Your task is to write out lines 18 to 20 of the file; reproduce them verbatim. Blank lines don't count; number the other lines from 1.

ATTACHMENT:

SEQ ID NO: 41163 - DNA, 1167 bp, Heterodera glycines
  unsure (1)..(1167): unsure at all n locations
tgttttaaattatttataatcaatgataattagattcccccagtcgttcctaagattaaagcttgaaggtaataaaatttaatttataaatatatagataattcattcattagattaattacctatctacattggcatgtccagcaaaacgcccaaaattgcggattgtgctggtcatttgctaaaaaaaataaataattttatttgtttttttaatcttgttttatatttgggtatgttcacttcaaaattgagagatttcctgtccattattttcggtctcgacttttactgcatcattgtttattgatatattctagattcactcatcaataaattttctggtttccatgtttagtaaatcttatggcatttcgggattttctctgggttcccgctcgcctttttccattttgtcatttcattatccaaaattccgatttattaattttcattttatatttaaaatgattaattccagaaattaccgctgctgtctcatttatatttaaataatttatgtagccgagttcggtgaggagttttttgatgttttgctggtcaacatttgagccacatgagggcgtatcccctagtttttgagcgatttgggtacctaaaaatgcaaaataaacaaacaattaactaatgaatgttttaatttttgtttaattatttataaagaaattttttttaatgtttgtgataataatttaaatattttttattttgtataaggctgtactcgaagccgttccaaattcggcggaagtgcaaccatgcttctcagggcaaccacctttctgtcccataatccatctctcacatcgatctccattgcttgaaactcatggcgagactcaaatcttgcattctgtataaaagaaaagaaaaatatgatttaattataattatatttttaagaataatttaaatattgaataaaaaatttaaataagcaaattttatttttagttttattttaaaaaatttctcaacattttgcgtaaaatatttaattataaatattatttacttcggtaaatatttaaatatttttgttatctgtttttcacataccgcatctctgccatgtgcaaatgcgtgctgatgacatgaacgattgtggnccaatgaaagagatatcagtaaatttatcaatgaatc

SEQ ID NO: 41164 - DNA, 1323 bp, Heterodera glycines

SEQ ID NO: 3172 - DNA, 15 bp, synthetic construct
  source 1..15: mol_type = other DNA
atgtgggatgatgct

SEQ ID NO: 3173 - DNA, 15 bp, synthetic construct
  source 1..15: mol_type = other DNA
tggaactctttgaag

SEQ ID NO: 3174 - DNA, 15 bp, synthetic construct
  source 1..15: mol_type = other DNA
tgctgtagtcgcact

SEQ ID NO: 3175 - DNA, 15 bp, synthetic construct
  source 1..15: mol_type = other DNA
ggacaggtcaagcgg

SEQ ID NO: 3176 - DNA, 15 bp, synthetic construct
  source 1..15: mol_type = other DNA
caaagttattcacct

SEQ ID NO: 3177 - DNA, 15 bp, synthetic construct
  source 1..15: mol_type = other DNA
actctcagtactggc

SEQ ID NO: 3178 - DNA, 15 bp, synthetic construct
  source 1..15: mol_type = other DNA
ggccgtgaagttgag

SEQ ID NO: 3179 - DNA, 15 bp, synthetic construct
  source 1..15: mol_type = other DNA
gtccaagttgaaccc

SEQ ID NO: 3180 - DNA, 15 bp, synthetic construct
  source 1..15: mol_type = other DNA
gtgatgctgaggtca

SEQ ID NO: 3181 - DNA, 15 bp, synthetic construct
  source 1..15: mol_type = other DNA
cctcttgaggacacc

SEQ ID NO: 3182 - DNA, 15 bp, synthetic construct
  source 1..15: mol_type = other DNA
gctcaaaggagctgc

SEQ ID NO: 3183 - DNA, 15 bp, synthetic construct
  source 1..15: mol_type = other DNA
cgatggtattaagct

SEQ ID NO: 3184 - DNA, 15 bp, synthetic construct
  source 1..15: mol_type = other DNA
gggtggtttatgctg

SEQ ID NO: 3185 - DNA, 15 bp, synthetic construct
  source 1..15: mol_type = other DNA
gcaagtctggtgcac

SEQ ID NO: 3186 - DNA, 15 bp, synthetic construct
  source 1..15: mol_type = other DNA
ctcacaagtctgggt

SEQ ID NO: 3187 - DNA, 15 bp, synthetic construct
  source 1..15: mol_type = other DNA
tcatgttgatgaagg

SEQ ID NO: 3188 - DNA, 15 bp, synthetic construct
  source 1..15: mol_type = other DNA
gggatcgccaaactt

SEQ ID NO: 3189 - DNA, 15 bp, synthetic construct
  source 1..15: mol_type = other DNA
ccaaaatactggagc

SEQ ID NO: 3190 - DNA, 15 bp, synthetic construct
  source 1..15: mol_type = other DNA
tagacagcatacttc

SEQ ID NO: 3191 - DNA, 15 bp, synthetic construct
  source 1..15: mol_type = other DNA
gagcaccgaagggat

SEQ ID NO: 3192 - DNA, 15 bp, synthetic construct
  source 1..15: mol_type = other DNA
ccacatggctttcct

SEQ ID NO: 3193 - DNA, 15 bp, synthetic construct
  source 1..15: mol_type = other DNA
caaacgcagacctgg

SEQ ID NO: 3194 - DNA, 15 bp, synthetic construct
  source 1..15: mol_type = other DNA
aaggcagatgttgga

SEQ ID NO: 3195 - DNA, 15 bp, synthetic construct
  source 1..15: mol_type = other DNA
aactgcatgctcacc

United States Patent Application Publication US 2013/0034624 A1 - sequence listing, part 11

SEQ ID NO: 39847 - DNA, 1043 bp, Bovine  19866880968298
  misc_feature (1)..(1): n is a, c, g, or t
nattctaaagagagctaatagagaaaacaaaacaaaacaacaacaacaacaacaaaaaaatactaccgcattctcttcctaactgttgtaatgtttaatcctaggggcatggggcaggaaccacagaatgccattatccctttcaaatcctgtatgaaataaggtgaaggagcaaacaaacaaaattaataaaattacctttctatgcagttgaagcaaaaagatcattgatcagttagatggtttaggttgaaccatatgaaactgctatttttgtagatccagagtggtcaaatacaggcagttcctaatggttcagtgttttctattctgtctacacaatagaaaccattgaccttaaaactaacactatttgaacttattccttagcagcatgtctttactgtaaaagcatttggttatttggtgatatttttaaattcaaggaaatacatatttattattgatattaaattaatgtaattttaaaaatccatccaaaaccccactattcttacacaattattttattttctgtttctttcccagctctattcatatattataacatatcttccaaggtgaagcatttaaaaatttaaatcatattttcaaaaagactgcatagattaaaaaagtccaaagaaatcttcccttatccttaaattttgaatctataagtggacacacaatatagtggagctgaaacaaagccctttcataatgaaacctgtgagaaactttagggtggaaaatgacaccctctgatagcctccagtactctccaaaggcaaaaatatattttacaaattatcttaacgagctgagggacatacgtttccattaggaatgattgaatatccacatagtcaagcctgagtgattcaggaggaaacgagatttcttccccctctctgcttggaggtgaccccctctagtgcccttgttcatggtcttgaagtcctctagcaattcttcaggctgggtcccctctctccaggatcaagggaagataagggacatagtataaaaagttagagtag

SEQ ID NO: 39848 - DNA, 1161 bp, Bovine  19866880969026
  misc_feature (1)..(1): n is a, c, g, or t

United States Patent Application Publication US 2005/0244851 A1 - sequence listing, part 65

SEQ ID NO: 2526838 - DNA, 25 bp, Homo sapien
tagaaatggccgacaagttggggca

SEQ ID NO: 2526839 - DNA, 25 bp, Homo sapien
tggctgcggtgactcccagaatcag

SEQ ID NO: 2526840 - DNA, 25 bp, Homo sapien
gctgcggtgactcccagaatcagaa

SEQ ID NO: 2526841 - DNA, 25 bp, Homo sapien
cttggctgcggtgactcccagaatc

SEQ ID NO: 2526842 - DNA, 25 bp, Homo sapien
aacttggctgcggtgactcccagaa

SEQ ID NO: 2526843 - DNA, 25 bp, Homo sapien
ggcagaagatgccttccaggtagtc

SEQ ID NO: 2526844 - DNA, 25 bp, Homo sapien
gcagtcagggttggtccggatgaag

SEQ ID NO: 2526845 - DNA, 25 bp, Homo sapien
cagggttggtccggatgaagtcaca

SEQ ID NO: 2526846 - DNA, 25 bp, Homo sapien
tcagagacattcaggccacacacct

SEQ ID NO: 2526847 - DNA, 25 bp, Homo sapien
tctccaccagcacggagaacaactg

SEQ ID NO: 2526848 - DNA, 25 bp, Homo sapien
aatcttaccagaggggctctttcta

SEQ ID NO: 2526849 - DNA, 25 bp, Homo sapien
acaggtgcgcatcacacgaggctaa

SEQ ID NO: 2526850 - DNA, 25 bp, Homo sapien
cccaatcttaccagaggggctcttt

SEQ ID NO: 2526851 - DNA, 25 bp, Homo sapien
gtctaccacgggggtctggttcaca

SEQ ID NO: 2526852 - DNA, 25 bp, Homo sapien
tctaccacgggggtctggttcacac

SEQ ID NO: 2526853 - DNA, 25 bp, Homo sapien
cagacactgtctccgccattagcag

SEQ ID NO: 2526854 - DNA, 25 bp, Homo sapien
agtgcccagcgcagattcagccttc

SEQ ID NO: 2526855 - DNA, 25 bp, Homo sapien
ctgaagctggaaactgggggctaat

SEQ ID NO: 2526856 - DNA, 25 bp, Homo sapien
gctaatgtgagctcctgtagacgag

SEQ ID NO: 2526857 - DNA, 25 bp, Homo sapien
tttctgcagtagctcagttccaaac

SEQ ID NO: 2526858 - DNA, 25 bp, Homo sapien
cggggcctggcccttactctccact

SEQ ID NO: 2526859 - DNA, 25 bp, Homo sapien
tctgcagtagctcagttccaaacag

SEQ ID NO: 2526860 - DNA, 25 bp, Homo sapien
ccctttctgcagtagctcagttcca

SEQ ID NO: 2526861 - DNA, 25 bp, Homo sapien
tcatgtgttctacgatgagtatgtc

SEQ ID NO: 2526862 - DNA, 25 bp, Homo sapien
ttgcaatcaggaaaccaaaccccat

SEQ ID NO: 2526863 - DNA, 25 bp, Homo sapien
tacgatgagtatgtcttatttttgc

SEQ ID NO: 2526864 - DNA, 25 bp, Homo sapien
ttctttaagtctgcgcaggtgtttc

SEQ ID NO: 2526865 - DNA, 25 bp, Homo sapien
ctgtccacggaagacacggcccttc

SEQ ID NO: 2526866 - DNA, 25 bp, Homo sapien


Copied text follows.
  source 1..15: mol_type = other DNA
caaagttattcacct

SEQ ID NO: 3177 - DNA, 15 bp, synthetic construct